- Use specific language to pull quotes. You’ll use some parts of your interview for structure. You can use these as direct quotes by using the exact language of the SME as a catchy phrase or illustration.
- Make the article more personal and familiar by incorporating your SME’s quirks into it.
- Tell them what the main idea is. They will often use your call to speak louder than you. The content creator should not go through this exploratory phase and instead present the final argument in clear, structured language. This will make the SME seem smarter.
- To get buy-in, summarize the thesis of the article. You can begin to build the story of your article by combining the comments from your interviewees and sharing them live on the phone. You can explain the direction that you are going to take their quotes in and allow them to express their opinion. This will avoid any surprises for them when they first see the draft.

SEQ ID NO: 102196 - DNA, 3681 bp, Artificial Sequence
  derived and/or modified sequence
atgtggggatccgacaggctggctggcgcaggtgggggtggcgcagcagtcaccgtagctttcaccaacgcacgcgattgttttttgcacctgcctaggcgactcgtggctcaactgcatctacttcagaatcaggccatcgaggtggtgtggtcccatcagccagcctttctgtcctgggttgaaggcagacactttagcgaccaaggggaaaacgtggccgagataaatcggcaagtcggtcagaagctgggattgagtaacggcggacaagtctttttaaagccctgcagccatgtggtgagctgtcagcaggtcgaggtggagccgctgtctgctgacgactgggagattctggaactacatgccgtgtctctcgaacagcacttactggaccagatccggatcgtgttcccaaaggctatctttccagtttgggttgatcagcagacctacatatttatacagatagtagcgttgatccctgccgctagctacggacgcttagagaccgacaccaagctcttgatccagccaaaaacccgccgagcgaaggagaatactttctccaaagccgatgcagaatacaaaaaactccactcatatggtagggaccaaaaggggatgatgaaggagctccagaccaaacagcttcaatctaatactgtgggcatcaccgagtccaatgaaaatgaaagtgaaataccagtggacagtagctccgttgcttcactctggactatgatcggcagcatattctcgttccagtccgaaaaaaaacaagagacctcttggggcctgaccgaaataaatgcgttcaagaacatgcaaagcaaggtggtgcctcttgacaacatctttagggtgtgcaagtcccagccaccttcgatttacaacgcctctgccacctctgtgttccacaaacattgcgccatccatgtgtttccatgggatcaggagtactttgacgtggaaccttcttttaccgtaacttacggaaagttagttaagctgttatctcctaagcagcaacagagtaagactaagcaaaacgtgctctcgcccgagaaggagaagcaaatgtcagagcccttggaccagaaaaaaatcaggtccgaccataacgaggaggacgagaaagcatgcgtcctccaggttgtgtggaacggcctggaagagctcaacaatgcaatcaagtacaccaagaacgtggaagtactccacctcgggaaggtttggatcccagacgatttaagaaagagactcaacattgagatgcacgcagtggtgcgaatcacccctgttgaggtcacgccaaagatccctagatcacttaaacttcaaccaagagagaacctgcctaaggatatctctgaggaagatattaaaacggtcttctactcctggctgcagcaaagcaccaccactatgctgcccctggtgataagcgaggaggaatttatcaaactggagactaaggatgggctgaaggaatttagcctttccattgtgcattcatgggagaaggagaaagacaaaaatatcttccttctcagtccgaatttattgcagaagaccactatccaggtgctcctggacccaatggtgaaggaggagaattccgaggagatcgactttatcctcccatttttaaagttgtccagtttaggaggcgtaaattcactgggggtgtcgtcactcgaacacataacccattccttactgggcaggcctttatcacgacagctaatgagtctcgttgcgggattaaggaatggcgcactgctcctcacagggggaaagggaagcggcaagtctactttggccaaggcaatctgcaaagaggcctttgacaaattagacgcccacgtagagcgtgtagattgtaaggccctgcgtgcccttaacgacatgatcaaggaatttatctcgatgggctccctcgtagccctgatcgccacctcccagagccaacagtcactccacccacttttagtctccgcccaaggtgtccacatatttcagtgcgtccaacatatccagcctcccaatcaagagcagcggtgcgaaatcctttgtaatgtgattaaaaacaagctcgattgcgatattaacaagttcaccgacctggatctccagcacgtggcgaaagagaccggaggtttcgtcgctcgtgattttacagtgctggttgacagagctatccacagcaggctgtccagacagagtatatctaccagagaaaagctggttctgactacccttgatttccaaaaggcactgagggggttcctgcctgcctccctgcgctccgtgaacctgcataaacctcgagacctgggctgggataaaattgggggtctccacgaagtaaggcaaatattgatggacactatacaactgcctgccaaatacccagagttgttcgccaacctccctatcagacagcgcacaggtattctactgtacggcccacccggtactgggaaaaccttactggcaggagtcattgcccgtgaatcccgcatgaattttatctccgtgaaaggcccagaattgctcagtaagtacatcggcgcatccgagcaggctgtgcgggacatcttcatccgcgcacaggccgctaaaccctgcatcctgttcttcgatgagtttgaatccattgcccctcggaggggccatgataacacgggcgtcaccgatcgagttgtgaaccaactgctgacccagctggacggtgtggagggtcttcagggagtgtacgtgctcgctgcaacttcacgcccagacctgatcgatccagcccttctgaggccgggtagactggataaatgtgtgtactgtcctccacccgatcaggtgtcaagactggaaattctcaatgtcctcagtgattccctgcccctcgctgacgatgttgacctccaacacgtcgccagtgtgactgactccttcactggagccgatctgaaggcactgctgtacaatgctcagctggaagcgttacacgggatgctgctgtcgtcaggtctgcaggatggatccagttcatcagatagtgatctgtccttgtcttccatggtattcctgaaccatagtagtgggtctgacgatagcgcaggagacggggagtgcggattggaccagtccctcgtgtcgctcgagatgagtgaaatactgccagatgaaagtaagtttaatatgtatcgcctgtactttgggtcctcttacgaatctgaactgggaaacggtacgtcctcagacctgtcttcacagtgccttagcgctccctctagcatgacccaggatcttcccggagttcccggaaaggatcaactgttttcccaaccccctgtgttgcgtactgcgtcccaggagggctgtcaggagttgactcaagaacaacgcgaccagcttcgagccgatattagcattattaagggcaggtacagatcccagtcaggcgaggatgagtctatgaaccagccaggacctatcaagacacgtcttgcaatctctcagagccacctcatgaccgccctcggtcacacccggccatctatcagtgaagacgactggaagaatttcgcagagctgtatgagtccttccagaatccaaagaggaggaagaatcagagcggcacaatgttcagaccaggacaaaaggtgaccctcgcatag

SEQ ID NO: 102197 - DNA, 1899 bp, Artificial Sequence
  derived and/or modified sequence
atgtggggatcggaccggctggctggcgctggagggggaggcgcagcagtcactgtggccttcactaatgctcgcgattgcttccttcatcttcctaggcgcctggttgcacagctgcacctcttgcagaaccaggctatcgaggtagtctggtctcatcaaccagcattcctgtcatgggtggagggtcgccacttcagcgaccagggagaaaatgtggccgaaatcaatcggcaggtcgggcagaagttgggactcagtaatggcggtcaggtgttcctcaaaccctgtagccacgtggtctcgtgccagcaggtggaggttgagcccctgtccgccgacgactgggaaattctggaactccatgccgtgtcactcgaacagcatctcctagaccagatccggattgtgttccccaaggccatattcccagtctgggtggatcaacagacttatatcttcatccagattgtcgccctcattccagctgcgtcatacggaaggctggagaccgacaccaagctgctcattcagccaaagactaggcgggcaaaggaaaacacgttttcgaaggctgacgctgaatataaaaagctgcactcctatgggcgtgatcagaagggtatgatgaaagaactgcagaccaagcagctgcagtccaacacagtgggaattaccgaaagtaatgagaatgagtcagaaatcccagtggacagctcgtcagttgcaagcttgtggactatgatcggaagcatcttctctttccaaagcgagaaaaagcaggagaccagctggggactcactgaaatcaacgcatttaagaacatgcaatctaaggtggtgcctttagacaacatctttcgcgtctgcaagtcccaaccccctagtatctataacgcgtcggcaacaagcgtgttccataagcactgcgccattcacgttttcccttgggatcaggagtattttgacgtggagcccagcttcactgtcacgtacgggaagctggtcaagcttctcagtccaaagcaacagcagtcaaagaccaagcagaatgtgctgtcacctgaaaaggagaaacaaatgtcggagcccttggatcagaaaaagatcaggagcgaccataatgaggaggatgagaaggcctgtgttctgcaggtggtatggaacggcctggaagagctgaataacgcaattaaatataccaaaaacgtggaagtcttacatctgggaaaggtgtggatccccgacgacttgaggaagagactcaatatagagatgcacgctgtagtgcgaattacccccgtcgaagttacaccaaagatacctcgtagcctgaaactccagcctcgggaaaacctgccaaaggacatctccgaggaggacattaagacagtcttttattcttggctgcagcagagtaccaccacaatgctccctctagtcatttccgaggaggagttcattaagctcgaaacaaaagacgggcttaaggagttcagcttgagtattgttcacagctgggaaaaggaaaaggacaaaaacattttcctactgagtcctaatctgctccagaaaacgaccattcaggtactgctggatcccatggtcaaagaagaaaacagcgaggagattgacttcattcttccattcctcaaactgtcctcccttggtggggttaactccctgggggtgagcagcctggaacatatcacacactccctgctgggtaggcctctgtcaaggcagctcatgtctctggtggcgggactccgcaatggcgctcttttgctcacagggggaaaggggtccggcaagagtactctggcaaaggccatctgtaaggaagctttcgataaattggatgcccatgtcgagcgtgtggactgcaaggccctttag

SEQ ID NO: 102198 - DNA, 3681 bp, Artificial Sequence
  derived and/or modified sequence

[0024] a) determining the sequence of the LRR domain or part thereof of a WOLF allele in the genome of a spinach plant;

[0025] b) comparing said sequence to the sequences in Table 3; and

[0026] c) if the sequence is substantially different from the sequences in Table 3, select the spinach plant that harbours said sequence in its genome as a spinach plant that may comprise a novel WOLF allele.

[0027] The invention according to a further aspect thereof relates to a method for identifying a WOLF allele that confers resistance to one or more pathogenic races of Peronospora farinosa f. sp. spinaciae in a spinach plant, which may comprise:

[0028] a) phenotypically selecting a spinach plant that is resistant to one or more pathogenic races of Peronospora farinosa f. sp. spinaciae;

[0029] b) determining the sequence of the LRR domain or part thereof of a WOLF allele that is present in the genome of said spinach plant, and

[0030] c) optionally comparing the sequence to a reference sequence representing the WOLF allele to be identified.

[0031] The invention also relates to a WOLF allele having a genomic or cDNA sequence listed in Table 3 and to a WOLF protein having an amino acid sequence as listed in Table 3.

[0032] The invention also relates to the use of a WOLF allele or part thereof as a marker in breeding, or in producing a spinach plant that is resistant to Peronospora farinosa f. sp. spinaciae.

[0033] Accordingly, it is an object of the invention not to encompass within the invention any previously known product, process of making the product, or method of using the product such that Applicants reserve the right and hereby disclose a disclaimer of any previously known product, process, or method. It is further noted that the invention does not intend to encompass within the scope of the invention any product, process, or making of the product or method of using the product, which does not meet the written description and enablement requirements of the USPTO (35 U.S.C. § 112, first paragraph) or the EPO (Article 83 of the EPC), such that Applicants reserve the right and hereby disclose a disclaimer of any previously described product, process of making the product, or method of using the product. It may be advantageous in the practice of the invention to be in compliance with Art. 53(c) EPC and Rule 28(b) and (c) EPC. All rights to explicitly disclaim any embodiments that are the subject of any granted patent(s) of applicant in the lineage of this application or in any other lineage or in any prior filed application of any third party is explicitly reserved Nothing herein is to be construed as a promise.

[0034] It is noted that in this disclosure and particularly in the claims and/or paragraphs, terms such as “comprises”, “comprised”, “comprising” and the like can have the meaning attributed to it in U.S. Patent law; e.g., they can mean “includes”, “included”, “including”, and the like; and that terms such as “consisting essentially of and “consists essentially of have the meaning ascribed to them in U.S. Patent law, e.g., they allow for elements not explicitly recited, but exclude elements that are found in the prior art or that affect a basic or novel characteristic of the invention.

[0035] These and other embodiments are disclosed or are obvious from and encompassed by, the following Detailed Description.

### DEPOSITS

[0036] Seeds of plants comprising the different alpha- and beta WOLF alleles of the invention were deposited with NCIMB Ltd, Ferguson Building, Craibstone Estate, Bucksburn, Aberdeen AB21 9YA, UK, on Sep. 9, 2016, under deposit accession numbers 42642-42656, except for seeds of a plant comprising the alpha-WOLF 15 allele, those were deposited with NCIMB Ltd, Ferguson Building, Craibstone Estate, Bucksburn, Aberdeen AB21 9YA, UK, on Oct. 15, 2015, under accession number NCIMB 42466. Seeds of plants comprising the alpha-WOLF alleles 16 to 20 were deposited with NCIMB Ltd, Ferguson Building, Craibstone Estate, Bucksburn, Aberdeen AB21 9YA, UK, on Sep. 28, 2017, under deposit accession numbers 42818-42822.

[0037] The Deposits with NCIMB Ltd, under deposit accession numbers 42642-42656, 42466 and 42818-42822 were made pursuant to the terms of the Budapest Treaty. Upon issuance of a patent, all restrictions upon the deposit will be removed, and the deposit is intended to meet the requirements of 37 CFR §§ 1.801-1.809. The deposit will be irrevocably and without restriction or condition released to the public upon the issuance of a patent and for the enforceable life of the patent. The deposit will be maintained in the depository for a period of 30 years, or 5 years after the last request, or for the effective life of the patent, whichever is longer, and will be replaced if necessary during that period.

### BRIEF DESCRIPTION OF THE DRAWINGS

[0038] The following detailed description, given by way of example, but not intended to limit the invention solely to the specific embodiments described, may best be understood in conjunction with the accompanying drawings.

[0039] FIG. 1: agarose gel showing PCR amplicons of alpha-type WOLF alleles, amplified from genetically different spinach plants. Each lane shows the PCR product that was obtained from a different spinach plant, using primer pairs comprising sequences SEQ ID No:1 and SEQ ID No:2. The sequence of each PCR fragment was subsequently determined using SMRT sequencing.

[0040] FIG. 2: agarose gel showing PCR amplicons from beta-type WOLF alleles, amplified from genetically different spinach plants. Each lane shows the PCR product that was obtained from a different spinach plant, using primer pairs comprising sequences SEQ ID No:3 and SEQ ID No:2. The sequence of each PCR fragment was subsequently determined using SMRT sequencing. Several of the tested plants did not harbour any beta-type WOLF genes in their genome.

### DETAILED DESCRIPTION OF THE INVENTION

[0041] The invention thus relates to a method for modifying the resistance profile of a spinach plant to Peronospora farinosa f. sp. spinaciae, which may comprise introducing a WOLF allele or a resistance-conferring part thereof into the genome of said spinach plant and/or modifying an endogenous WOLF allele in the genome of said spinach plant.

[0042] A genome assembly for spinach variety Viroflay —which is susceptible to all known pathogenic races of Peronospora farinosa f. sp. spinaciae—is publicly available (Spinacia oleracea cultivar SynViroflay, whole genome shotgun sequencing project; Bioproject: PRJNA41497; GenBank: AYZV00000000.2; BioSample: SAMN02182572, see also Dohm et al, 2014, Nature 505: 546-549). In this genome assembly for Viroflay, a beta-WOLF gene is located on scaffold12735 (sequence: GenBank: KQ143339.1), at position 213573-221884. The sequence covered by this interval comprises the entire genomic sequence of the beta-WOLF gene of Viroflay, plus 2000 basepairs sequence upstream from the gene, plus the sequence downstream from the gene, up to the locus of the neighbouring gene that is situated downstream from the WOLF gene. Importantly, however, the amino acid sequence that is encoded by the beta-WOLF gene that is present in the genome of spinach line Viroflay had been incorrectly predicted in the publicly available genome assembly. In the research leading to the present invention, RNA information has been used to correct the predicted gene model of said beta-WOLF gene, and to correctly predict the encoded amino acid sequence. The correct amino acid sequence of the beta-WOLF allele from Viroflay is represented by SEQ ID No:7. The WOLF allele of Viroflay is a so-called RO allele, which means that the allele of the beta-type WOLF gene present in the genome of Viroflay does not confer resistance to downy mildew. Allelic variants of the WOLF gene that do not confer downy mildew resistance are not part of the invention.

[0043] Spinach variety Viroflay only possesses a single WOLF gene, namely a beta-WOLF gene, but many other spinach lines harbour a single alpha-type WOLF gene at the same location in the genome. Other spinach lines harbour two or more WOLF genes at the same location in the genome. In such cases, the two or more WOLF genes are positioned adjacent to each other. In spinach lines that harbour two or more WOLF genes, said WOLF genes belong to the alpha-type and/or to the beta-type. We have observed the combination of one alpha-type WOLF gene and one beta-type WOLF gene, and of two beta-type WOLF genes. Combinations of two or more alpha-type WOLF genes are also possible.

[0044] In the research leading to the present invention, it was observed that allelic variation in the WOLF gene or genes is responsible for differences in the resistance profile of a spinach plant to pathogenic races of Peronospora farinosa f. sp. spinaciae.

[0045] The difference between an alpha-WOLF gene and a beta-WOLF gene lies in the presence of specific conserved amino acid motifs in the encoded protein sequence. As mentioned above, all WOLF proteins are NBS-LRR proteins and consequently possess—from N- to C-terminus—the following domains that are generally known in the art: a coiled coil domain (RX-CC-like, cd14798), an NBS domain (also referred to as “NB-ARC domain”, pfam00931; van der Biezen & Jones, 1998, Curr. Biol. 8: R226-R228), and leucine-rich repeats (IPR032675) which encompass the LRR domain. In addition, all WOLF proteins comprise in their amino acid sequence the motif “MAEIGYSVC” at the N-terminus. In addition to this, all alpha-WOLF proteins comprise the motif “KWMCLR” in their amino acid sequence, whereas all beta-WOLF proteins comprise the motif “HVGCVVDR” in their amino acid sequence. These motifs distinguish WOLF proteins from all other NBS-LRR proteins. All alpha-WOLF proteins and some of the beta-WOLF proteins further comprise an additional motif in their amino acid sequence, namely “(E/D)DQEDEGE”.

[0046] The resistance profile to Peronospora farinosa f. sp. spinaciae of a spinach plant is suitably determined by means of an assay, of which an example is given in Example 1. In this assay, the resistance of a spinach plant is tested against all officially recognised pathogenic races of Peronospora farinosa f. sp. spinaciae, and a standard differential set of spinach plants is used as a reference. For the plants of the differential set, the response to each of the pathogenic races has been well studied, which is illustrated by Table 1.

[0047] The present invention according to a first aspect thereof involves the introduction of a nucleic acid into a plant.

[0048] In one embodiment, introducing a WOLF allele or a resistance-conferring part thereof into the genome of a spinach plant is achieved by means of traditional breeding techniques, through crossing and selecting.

Deep diveHow To Interview Someone For An Article
How to Outline
Our writing process is anchored by our outline. They are like roadmaps. A written plan that guides the reader to their destination and addresses each point along the way.
Our outlining process is based on three stages:
- The thesis: Every article argues a point. It could be that companies should cultivate an ownership mindset, or that call tracking can be a vital marketing analytics tool. Your thesis is a concise summary of the argument. It helps you focus your energy on your main topic and communicate your thesis to your boss, editors, or teammates.
- The 10% A 10% outline is a list of key points that support your argument. It is named this because your article is only roughly–10% complete at this stage. Your 10% could be a list listing the steps involved in a specific process, a selection compelling reasons why your thesis holds true, or a chronology of events that tells a complete story.
- The 30%: Your 10% is the core of your argument. The 30% is where you add supporting evidence. To add clarity and persuasiveness, we aim to include two to four supporting points. These can be supporting examples, real or hypothetical, convincing statistics, expert quotations, or answers to expected objections.